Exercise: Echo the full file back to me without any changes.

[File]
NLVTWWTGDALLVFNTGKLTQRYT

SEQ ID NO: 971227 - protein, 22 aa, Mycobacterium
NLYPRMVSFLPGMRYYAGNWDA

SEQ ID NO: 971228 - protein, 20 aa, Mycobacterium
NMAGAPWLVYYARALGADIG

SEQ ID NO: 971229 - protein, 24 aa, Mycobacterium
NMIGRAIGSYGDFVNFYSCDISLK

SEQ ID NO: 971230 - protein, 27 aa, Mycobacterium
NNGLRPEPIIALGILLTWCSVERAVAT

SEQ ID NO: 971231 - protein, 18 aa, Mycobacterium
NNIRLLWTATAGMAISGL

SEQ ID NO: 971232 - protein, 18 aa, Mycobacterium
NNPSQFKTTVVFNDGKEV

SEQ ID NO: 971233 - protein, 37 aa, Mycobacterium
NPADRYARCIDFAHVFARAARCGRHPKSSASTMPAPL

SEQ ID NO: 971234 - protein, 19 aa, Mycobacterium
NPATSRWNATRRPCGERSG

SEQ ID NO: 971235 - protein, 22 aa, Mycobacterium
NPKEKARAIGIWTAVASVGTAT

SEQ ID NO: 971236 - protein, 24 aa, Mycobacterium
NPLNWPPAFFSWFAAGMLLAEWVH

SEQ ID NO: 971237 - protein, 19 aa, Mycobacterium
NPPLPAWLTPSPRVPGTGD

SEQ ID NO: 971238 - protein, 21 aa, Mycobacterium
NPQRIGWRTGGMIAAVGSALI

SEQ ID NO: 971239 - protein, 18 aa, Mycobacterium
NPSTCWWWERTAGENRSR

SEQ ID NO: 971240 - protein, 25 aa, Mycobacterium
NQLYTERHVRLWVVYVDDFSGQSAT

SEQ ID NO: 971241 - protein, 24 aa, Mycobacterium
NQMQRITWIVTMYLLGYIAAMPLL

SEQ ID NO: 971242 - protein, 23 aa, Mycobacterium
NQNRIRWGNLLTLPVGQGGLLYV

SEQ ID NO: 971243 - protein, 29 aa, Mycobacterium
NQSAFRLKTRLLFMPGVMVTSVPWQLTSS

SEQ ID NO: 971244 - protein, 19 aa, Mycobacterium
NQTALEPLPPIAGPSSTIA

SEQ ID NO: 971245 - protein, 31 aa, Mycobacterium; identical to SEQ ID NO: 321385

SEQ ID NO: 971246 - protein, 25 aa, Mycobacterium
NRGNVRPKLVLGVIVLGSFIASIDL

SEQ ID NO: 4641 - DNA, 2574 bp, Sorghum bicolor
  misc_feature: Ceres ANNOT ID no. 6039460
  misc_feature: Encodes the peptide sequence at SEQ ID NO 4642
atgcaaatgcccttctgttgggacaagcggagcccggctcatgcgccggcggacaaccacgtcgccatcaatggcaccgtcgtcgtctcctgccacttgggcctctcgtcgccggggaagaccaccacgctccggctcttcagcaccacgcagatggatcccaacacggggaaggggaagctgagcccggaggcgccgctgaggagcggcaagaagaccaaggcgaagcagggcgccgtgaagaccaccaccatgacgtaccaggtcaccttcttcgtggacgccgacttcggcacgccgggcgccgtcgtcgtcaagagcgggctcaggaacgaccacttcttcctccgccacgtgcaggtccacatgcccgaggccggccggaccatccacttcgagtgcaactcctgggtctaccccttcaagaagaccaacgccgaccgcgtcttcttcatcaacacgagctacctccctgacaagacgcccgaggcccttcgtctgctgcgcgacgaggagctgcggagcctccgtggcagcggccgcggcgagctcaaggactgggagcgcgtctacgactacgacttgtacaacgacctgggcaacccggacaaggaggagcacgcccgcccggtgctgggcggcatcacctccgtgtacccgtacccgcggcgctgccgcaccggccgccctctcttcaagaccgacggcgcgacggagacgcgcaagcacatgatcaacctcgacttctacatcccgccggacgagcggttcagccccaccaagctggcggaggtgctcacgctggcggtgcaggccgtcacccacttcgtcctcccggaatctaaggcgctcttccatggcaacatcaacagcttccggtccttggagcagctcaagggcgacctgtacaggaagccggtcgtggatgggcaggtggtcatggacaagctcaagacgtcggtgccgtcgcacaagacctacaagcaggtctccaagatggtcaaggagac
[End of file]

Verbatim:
NLVTWWTGDALLVFNTGKLTQRYT

SEQ ID NO: 971227 - protein, 22 aa, Mycobacterium
NLYPRMVSFLPGMRYYAGNWDA

SEQ ID NO: 971228 - protein, 20 aa, Mycobacterium
NMAGAPWLVYYARALGADIG

SEQ ID NO: 971229 - protein, 24 aa, Mycobacterium
NMIGRAIGSYGDFVNFYSCDISLK

SEQ ID NO: 971230 - protein, 27 aa, Mycobacterium
NNGLRPEPIIALGILLTWCSVERAVAT

SEQ ID NO: 971231 - protein, 18 aa, Mycobacterium
NNIRLLWTATAGMAISGL

SEQ ID NO: 971232 - protein, 18 aa, Mycobacterium
NNPSQFKTTVVFNDGKEV

SEQ ID NO: 971233 - protein, 37 aa, Mycobacterium
NPADRYARCIDFAHVFARAARCGRHPKSSASTMPAPL

SEQ ID NO: 971234 - protein, 19 aa, Mycobacterium
NPATSRWNATRRPCGERSG

SEQ ID NO: 971235 - protein, 22 aa, Mycobacterium
NPKEKARAIGIWTAVASVGTAT

SEQ ID NO: 971236 - protein, 24 aa, Mycobacterium
NPLNWPPAFFSWFAAGMLLAEWVH

SEQ ID NO: 971237 - protein, 19 aa, Mycobacterium
NPPLPAWLTPSPRVPGTGD

SEQ ID NO: 971238 - protein, 21 aa, Mycobacterium
NPQRIGWRTGGMIAAVGSALI

SEQ ID NO: 971239 - protein, 18 aa, Mycobacterium
NPSTCWWWERTAGENRSR

SEQ ID NO: 971240 - protein, 25 aa, Mycobacterium
NQLYTERHVRLWVVYVDDFSGQSAT

SEQ ID NO: 971241 - protein, 24 aa, Mycobacterium
NQMQRITWIVTMYLLGYIAAMPLL

SEQ ID NO: 971242 - protein, 23 aa, Mycobacterium
NQNRIRWGNLLTLPVGQGGLLYV

SEQ ID NO: 971243 - protein, 29 aa, Mycobacterium
NQSAFRLKTRLLFMPGVMVTSVPWQLTSS

SEQ ID NO: 971244 - protein, 19 aa, Mycobacterium
NQTALEPLPPIAGPSSTIA

SEQ ID NO: 971245 - protein, 31 aa, Mycobacterium; identical to SEQ ID NO: 321385

SEQ ID NO: 971246 - protein, 25 aa, Mycobacterium
NRGNVRPKLVLGVIVLGSFIASIDL

SEQ ID NO: 4641 - DNA, 2574 bp, Sorghum bicolor
  misc_feature: Ceres ANNOT ID no. 6039460
  misc_feature: Encodes the peptide sequence at SEQ ID NO 4642
atgcaaatgcccttctgttgggacaagcggagcccggctcatgcgccggcggacaaccacgtcgccatcaatggcaccgtcgtcgtctcctgccacttgggcctctcgtcgccggggaagaccaccacgctccggctcttcagcaccacgcagatggatcccaacacggggaaggggaagctgagcccggaggcgccgctgaggagcggcaagaagaccaaggcgaagcagggcgccgtgaagaccaccaccatgacgtaccaggtcaccttcttcgtggacgccgacttcggcacgccgggcgccgtcgtcgtcaagagcgggctcaggaacgaccacttcttcctccgccacgtgcaggtccacatgcccgaggccggccggaccatccacttcgagtgcaactcctgggtctaccccttcaagaagaccaacgccgaccgcgtcttcttcatcaacacgagctacctccctgacaagacgcccgaggcccttcgtctgctgcgcgacgaggagctgcggagcctccgtggcagcggccgcggcgagctcaaggactgggagcgcgtctacgactacgacttgtacaacgacctgggcaacccggacaaggaggagcacgcccgcccggtgctgggcggcatcacctccgtgtacccgtacccgcggcgctgccgcaccggccgccctctcttcaagaccgacggcgcgacggagacgcgcaagcacatgatcaacctcgacttctacatcccgccggacgagcggttcagccccaccaagctggcggaggtgctcacgctggcggtgcaggccgtcacccacttcgtcctcccggaatctaaggcgctcttccatggcaacatcaacagcttccggtccttggagcagctcaagggcgacctgtacaggaagccggtcgtggatgggcaggtggtcatggacaagctcaagacgtcggtgccgtcgcacaagacctacaagcaggtctccaagatggtcaaggagac